Canadian Home Sales Jump Up In April Thanks To Toronto

Image by Paul Brennan from Pixabay

Things are picking up in the Canadian housing market.

Home sales in April had the first year-over-year increase since December 2017, rising by 4.2 per cent, the Canadian Real Estate Association (CREA) said on Wednesday. This is significant considering sales hit a seven-year low in April 2018.

READ: Lack Of Supply, Stress Test Top Issues In Toronto’s Spring Housing Market

The data shows that sales are bouncing back following February’s numbers, which dipped to its lowest levels since 2012. While March saw a minor increase of 0.9 per cent month-over-month, April climbed by 3.6 per cent.

“The increase reflects gains in the [Greater Toronto Area] and Montreal that outweighed declines in the B.C. lower mainland,” CREA noted.

READ: Toronto Housing Demand Grows Among Millennials Despite High Prices

Toronto experienced the biggest increase in home sales, rising by 11 per cent. Prices in the GTA also jumped by 1.3 per cent with the benchmark cost now sitting at $789,100.

In comparison, the national benchmark price in April was $494,978, which is a 0.3 per cent increase from one year earlier. But if two of the most expensive markets are eliminated the GTA and Greater Vancouver that benchmark drops to $391,000.

READ: Why 56 Per Cent Of Canadians Will Wait Until 2020 To Buy A Home: Poll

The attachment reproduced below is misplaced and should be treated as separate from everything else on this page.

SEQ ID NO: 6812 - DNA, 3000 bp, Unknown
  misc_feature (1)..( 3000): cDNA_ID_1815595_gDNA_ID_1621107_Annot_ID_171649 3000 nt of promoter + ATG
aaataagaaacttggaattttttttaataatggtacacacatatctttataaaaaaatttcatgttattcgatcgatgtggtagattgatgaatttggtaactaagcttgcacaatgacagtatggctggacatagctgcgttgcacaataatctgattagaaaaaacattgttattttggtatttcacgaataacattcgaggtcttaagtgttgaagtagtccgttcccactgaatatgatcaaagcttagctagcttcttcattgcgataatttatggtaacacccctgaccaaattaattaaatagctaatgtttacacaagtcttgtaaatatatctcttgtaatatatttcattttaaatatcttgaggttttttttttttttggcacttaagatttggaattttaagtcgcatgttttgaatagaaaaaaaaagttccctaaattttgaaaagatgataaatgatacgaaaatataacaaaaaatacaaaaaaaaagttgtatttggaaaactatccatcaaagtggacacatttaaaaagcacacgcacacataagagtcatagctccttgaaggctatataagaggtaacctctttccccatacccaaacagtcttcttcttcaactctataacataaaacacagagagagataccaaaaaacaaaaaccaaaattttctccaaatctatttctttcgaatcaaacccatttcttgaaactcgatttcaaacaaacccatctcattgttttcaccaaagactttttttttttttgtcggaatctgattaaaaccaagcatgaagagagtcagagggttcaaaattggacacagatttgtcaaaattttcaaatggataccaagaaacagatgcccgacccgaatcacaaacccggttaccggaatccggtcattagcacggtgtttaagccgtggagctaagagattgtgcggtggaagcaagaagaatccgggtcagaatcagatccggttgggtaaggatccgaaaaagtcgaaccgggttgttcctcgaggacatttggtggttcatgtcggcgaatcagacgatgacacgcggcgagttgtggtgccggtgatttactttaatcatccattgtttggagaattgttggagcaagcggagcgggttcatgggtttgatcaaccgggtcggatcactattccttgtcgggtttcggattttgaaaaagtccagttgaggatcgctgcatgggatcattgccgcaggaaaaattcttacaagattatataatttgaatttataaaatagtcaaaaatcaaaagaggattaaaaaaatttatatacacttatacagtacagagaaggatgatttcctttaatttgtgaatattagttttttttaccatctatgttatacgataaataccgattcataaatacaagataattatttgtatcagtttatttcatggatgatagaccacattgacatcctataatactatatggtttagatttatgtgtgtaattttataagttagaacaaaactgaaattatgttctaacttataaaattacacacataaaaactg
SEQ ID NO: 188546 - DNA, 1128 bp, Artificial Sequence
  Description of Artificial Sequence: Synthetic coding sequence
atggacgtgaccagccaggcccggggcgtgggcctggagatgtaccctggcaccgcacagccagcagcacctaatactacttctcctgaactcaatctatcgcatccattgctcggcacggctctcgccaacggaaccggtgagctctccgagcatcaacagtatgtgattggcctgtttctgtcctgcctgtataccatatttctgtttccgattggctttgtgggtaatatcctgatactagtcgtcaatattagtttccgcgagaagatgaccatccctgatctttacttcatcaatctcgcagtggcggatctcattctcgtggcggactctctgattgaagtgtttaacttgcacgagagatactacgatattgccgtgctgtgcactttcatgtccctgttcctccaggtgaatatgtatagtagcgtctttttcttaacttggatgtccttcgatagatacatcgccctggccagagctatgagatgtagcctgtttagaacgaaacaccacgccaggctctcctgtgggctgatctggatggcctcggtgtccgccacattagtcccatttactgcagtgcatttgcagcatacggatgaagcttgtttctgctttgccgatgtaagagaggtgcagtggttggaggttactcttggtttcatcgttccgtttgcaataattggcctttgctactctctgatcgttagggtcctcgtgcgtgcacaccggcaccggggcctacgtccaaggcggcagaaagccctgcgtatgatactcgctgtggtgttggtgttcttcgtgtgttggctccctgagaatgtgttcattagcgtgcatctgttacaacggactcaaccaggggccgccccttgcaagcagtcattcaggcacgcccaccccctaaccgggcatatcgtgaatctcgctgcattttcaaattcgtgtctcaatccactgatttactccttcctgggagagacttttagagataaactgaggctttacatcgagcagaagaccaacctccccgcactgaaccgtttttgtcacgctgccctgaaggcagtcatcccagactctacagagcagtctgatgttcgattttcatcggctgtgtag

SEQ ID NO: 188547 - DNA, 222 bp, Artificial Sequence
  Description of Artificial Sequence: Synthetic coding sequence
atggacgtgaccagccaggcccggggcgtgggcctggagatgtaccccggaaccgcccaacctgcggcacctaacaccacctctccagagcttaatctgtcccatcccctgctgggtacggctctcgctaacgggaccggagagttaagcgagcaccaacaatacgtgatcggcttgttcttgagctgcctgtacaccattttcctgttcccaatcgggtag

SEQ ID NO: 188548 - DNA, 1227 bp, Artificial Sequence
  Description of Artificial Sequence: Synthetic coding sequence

April’s home sales suggest the Canadian market is recovering. “Sales activity is stabilizing among Canada’s five most active urban housing markets,” said CREA’s chief economist Gregory Klump.

However, Greater Vancouver is the exception as it is “well into buyers’ market territory.”

READ: Experts Predict House Prices Across Canada Will Continue To Rise

Sales there are still trending lower as buyers adjust to a cocktail of housing affordability challenges, reduced access to financing due to the mortgage stress-test and housing policy changes implemented by British Columbia’s provincial government,” Klump said.

The Vancouver market is starting to soften with prices declining by 0.3 per cent in April. On a larger scale, prices have dropped by 8.5 per cent in the last 12 months.

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